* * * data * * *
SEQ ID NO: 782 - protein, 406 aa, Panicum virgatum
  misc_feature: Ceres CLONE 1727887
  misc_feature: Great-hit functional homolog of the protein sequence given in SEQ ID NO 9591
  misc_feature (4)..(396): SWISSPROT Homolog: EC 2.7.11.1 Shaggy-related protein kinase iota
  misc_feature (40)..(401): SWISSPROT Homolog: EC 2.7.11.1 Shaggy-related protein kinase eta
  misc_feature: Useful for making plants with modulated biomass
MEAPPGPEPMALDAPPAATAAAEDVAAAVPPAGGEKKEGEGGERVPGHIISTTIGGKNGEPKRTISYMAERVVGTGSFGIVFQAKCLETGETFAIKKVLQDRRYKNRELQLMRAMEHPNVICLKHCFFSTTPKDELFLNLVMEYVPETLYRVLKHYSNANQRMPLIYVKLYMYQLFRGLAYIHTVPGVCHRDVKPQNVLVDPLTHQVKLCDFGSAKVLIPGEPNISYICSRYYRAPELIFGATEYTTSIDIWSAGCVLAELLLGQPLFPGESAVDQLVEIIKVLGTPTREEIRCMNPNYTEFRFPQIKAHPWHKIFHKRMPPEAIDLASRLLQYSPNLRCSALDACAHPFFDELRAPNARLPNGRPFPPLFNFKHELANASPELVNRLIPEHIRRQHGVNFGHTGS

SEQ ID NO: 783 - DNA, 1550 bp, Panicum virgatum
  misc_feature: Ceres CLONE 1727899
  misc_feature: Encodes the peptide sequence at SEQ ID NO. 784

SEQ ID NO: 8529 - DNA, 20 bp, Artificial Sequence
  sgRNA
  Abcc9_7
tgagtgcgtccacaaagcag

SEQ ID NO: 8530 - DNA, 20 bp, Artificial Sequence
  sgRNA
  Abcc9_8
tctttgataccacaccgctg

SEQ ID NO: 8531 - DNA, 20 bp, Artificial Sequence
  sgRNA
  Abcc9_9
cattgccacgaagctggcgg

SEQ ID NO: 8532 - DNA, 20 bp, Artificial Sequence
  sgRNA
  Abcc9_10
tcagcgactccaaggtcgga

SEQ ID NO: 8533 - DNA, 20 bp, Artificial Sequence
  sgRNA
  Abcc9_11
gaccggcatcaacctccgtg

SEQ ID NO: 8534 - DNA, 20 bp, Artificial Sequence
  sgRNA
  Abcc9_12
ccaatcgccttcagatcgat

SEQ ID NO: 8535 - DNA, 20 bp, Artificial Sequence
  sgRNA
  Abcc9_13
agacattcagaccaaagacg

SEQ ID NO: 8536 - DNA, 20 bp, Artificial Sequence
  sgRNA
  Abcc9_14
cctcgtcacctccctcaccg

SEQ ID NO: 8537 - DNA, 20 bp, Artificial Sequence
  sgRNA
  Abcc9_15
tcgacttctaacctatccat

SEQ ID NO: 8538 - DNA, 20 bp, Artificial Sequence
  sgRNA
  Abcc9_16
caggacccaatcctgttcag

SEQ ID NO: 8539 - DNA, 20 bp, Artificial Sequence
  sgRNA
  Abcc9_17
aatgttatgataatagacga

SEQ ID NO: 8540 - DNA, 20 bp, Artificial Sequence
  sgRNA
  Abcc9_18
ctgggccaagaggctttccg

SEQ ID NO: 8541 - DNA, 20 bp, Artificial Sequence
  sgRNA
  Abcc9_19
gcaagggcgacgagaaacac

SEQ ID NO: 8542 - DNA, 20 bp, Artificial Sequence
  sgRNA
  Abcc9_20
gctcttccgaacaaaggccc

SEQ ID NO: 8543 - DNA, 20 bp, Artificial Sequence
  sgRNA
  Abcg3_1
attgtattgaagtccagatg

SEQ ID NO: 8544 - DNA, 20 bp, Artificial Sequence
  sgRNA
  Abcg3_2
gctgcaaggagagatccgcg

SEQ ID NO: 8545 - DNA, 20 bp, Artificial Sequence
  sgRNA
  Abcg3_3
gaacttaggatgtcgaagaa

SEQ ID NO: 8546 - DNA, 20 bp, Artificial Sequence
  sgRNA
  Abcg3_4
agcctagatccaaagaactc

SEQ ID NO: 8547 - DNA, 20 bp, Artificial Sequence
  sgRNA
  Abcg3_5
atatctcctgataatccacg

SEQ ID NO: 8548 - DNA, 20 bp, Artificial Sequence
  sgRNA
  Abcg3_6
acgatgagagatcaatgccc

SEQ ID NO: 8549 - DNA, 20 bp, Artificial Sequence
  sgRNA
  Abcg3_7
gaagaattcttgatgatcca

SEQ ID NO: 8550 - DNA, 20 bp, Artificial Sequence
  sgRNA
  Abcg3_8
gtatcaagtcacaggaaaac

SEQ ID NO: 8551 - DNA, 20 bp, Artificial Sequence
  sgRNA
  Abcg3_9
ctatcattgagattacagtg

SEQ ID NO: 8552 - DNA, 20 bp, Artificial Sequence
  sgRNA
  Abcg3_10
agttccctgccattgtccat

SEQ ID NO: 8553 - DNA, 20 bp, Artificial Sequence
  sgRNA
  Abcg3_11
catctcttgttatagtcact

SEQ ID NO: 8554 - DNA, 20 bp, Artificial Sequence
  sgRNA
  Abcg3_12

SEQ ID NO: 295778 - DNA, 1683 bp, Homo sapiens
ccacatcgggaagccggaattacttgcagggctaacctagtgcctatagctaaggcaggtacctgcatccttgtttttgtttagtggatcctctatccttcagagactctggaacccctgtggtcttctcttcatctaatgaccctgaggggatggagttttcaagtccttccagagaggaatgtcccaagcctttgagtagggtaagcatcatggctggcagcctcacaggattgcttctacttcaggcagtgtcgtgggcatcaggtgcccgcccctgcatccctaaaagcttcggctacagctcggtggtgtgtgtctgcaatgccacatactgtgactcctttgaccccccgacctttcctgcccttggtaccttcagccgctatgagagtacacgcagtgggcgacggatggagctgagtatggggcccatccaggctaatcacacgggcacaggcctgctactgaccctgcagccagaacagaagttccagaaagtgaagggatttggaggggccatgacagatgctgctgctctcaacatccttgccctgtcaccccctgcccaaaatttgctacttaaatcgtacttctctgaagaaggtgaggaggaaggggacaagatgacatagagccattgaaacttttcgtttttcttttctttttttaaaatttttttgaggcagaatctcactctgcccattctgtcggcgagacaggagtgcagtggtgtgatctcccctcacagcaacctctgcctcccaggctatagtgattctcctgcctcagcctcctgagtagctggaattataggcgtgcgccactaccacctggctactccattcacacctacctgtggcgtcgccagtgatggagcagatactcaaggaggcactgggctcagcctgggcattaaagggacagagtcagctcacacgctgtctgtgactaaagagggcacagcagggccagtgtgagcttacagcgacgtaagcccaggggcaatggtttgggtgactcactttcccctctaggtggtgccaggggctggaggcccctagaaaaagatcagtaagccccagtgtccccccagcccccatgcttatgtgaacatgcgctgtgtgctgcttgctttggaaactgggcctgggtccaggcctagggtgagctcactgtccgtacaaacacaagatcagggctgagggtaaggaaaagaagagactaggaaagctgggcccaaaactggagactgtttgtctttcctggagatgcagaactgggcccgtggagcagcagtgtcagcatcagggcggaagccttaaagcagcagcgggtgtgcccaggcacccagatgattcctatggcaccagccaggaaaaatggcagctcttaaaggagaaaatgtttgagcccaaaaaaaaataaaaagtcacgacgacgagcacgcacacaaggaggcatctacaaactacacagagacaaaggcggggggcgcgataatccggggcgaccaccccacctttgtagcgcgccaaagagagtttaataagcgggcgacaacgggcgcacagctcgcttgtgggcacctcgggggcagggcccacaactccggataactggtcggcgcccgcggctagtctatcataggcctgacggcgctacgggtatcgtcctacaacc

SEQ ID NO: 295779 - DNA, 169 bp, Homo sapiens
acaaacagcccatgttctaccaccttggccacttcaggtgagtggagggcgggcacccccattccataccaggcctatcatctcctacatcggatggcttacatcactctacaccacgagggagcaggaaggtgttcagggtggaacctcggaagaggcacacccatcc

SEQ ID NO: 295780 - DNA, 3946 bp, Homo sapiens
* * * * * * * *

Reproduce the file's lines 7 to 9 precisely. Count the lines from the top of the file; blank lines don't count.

MEAPPGPEPMALDAPPAATAAAEDVAAAVPPAGGEKKEGEGGERVPGHIISTTIGGKNGEPKRTISYMAERVVGTGSFGIVFQAKCLETGETFAIKKVLQDRRYKNRELQLMRAMEHPNVICLKHCFFSTTPKDELFLNLVMEYVPETLYRVLKHYSNANQRMPLIYVKLYMYQLFRGLAYIHTVPGVCHRDVKPQNVLVDPLTHQVKLCDFGSAKVLIPGEPNISYICSRYYRAPELIFGATEYTTSIDIWSAGCVLAELLLGQPLFPGESAVDQLVEIIKVLGTPTREEIRCMNPNYTEFRFPQIKAHPWHKIFHKRMPPEAIDLASRLLQYSPNLRCSALDACAHPFFDELRAPNARLPNGRPFPPLFNFKHELANASPELVNRLIPEHIRRQHGVNFGHTGS

SEQ ID NO: 783 - DNA, 1550 bp, Panicum virgatum
  misc_feature: Ceres CLONE 1727899